What I learned the week of 3/23 – Mean Moorhens

I’m a few days late on this. Out of town – North Carolina – for work. No birding if you can believe that.

1. The 7.5 Challenge

I see where Wisconsin Birders did a 7.5 mile radius challenge last year – The 2014 Wisconsin Local Patch Challenge.  As stated, “it’s a relatively green challenge, where birders try to find as many species as possible 7.5 miles or less from home.” Looks like Illinois might be doing it this year.

Of course for someone like me that is into finding uncommon species in my local area, this is right up my alley.  I think the real point of the challenge is finding new, local areas to bird.  Not for someone that lives on a lake that sits and counts all day.

2. No shorebirds yet locally

I keep checking my local flooded field (a  floodeld??).  But no shorebirds.  A nice assortment of waterfowl.  And yes, it is within 7.5 miles.

3. Very Angry Moorhen

I was reading about  “The very angry Moorhen” and it got me thinking about a Mad Moorhen (Common Gallinule) that I saw last year in Texas.  I was at The World Birding Center in South Padre (I think I need to blog about something that calls itself “The World” ) and was watching a family of Mottled Ducks.

Happy Mom and young ones out for a morning swim.
Then out of no where comes the Mad Moorhen.
The Mad Moorhen strikes.
Everyone scatters.
Mom goes one way, the young ones the other, and the Mad Moorhen another.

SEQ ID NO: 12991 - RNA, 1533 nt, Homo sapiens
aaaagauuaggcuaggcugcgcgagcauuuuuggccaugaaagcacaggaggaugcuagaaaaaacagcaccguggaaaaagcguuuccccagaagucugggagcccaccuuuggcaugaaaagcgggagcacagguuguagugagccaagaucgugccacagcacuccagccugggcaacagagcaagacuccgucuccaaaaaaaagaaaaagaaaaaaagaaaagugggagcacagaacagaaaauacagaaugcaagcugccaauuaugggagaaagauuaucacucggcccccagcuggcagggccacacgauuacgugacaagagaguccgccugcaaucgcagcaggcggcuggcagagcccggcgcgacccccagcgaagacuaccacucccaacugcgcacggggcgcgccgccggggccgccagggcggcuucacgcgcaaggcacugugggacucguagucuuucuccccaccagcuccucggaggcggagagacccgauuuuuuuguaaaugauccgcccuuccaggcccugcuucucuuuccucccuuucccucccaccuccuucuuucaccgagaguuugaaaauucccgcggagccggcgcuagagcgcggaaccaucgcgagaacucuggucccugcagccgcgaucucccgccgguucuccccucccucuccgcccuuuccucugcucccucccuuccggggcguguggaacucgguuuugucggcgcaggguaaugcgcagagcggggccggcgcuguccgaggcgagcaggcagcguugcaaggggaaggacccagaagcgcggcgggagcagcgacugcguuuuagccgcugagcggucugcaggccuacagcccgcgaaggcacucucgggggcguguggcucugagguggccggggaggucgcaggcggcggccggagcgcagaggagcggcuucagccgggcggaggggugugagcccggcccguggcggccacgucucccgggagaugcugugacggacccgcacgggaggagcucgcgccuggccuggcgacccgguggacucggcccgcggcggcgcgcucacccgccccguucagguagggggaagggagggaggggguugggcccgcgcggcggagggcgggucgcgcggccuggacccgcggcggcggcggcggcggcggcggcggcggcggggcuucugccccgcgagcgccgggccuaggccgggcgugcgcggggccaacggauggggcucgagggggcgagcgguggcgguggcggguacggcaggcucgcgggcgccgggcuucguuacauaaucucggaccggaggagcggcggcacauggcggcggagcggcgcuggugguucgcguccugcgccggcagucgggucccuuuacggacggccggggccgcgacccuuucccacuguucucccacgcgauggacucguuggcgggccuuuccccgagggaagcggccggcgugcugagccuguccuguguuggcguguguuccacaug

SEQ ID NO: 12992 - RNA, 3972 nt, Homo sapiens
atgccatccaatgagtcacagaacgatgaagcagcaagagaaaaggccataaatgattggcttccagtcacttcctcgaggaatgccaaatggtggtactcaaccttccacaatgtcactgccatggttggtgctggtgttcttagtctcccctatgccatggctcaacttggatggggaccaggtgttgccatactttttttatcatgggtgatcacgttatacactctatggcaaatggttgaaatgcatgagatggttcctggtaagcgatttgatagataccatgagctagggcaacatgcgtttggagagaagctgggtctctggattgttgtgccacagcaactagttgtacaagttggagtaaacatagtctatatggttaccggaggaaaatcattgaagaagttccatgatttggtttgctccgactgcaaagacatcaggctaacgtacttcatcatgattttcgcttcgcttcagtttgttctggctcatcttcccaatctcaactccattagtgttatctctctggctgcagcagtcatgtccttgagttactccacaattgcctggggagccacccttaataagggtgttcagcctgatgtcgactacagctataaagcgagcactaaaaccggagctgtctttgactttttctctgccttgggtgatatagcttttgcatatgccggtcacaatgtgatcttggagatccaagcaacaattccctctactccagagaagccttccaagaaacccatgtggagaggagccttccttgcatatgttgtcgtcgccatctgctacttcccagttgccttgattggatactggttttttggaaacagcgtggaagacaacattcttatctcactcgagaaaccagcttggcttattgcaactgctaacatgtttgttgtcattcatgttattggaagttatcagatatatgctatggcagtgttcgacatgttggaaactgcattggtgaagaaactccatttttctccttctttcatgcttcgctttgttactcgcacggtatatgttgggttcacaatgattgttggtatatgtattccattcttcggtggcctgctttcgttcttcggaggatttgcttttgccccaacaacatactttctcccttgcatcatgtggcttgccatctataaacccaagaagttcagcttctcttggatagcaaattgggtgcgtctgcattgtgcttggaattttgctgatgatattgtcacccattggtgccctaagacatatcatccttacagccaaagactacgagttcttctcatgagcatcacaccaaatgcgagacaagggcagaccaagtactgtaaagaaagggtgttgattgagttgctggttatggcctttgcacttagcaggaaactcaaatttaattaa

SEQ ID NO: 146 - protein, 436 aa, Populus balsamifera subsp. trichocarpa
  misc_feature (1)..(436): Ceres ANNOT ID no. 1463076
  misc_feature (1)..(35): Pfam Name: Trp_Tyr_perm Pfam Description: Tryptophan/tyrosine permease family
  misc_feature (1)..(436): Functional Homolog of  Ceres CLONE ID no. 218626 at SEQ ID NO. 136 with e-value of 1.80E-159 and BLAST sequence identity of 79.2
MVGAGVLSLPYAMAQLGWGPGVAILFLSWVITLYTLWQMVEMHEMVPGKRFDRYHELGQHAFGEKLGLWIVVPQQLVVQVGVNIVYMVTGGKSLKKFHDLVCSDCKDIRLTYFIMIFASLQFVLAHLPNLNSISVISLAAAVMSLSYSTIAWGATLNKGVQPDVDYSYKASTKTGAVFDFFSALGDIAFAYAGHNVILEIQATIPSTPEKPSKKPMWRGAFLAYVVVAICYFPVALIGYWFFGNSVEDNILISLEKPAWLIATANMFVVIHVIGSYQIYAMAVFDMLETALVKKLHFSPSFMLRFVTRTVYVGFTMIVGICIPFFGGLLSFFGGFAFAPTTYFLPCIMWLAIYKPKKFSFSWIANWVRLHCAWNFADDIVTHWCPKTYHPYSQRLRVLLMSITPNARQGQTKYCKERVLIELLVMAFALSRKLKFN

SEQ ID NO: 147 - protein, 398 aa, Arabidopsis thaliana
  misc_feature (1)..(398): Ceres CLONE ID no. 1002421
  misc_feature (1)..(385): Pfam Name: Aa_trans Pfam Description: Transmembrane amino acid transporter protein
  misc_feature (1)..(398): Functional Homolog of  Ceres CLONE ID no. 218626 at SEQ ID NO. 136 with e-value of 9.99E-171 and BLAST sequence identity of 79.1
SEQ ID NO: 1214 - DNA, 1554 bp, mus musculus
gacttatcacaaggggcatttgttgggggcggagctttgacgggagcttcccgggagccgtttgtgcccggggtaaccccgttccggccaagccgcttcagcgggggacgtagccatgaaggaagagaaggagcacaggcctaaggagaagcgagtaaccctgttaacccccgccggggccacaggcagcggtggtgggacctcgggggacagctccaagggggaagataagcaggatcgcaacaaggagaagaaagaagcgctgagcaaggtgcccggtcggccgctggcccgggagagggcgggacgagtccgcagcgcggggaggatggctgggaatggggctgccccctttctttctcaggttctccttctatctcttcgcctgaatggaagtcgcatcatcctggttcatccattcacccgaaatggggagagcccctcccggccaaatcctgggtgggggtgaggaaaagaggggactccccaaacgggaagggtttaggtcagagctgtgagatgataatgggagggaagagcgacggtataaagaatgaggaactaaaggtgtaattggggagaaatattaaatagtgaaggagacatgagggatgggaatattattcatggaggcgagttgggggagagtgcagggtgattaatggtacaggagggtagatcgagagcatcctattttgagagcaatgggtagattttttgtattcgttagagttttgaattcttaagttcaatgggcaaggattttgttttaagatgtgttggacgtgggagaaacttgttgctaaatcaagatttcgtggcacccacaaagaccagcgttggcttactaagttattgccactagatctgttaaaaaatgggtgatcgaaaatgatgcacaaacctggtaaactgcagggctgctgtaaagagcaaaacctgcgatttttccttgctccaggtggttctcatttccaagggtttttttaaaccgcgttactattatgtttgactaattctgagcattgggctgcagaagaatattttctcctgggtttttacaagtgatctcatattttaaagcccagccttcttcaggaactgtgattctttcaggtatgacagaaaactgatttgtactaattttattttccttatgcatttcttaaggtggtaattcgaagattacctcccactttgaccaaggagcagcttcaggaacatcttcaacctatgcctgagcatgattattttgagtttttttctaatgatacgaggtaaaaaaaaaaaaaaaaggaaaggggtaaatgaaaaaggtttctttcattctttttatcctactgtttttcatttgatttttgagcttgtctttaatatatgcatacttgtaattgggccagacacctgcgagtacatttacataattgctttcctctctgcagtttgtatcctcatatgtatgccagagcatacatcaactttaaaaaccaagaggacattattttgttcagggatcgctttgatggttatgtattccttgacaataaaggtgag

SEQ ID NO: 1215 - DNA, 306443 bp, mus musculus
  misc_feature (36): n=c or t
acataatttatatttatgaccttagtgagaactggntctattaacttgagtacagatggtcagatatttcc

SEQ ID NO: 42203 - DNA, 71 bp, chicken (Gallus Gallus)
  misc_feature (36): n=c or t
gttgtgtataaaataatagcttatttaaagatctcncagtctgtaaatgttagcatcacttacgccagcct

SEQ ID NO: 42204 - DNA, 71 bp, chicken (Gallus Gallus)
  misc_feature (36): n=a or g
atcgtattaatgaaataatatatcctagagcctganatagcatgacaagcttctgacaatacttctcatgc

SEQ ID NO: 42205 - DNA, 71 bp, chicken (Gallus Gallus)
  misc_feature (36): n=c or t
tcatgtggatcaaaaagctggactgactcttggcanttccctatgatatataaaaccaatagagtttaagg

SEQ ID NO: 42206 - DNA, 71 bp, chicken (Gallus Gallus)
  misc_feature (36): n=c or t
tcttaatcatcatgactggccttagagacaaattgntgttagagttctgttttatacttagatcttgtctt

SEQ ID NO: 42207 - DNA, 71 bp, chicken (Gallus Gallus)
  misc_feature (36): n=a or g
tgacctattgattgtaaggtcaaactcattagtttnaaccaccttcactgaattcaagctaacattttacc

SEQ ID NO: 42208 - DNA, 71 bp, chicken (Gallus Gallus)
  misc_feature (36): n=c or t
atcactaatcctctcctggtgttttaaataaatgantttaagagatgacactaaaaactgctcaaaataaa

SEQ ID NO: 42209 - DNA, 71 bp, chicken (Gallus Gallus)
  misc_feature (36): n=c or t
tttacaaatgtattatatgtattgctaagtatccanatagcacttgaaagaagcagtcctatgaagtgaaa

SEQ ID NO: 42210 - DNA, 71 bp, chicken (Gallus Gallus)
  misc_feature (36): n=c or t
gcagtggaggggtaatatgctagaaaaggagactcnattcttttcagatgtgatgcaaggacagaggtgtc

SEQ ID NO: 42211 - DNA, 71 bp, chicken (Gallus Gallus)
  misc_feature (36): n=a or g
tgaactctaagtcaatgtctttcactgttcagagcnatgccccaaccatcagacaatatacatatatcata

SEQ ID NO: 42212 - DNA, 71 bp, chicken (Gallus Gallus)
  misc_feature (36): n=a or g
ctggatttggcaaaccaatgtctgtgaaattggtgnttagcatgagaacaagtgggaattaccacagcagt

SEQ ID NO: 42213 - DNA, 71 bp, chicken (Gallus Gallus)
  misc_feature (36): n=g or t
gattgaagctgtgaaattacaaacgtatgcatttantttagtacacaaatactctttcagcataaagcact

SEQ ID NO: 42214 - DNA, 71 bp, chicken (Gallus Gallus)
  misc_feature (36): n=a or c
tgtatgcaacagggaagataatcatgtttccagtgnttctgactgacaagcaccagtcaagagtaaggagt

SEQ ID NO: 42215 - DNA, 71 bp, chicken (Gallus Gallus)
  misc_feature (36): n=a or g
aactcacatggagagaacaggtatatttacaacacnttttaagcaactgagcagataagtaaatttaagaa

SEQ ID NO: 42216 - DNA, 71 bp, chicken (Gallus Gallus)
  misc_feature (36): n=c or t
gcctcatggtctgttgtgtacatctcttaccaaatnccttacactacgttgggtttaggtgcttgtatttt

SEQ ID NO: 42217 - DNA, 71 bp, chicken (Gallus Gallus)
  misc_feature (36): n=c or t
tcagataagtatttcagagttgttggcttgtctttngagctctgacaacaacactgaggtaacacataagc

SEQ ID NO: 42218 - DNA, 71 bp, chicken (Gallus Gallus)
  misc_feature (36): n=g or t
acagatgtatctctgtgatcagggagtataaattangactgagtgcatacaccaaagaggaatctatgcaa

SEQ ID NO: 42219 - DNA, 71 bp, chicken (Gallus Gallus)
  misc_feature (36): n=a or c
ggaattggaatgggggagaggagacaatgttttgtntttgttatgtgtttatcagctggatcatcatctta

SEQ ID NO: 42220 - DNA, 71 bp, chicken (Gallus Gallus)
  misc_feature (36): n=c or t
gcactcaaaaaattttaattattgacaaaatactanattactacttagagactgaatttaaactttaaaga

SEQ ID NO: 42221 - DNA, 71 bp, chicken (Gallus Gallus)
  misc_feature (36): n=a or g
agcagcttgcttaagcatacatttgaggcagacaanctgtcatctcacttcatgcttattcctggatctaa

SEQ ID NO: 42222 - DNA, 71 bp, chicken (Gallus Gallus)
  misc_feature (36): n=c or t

And it starts all over going the other way. This scenario would repeat several times that morning.

For some reason the Common Gallinule didn’t like them and kept attacking them.  This went on for a good hour. I never did figure out if there was nest nearby or it just had a bad disposition.

OK, I really didn’t hang around the whole hour just to watch their interaction.  There was a Clapper Rail that kept vocalizing and I was hoping it would walk out in the open.  Of course, like I posted back in July, 2014, I got tired of waiting and walked around the boardwalk, where a Clapper Rail was out in plain sight.

The rail is yelling, “Bob, I am right here.”

4. The size of shorebirds

I knew that the length of birds listed in field guides is from bill tip to tail tip.  But I really hadn’t thought what this meant until I read this post by Greg Gillson – Who’s bigger? I knew that plovers always “seem” larger than shorebirds and this post explains why.

2 Replies to “What I learned the week of 3/23 – Mean Moorhens”

  1. Cool you referenced the Wisconsin local patch challenge! I live in Wisconsin and participated – it’s a fun listing challenge. Although the first half of last year I was renting and half of my patch was Lake Winnebago.

    Good luck if you take up the patch challenge!

    1. I have always done something similar to the challenge. In Illinois long time birders of our area were always amazed at all these little areas that I kept turning up with some decent birds. One of the advantages of trying to not bird by car so much.

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